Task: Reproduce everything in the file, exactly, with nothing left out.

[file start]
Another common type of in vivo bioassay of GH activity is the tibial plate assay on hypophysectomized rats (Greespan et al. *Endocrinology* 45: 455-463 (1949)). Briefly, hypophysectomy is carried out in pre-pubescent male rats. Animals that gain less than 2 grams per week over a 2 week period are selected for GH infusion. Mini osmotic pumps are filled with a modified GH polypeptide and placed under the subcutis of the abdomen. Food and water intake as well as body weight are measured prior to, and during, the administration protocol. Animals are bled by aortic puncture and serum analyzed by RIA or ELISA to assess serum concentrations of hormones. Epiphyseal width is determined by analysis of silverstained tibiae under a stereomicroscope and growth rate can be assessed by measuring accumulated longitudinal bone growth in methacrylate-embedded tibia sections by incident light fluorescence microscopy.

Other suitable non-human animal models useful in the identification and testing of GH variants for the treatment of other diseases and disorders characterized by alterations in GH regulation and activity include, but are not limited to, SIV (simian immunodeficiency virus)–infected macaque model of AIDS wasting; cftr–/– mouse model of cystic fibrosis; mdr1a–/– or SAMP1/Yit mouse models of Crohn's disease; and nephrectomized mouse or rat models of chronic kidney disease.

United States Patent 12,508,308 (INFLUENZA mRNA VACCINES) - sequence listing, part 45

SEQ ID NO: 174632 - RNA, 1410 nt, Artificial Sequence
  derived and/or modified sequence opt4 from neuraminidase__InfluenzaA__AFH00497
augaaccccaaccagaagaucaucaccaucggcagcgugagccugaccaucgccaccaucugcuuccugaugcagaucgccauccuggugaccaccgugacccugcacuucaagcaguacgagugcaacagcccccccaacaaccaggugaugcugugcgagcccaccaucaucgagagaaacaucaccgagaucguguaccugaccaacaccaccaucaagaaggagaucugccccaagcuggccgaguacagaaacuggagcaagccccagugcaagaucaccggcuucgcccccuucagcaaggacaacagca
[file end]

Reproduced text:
Another common type of in vivo bioassay of GH activity is the tibial plate assay on hypophysectomized rats (Greespan et al. *Endocrinology* 45: 455-463 (1949)). Briefly, hypophysectomy is carried out in pre-pubescent male rats. Animals that gain less than 2 grams per week over a 2 week period are selected for GH infusion. Mini osmotic pumps are filled with a modified GH polypeptide and placed under the subcutis of the abdomen. Food and water intake as well as body weight are measured prior to, and during, the administration protocol. Animals are bled by aortic puncture and serum analyzed by RIA or ELISA to assess serum concentrations of hormones. Epiphyseal width is determined by analysis of silverstained tibiae under a stereomicroscope and growth rate can be assessed by measuring accumulated longitudinal bone growth in methacrylate-embedded tibia sections by incident light fluorescence microscopy.

Other suitable non-human animal models useful in the identification and testing of GH variants for the treatment of other diseases and disorders characterized by alterations in GH regulation and activity include, but are not limited to, SIV (simian immunodeficiency virus)–infected macaque model of AIDS wasting; cftr–/– mouse model of cystic fibrosis; mdr1a–/– or SAMP1/Yit mouse models of Crohn's disease; and nephrectomized mouse or rat models of chronic kidney disease.

United States Patent 12,508,308 (INFLUENZA mRNA VACCINES) - sequence listing, part 45

SEQ ID NO: 174632 - RNA, 1410 nt, Artificial Sequence
  derived and/or modified sequence opt4 from neuraminidase__InfluenzaA__AFH00497
augaaccccaaccagaagaucaucaccaucggcagcgugagccugaccaucgccaccaucugcuuccugaugcagaucgccauccuggugaccaccgugacccugcacuucaagcaguacgagugcaacagcccccccaacaaccaggugaugcugugcgagcccaccaucaucgagagaaacaucaccgagaucguguaccugaccaacaccaccaucaagaaggagaucugccccaagcuggccgaguacagaaacuggagcaagccccagugcaagaucaccggcuucgcccccuucagcaaggacaacagca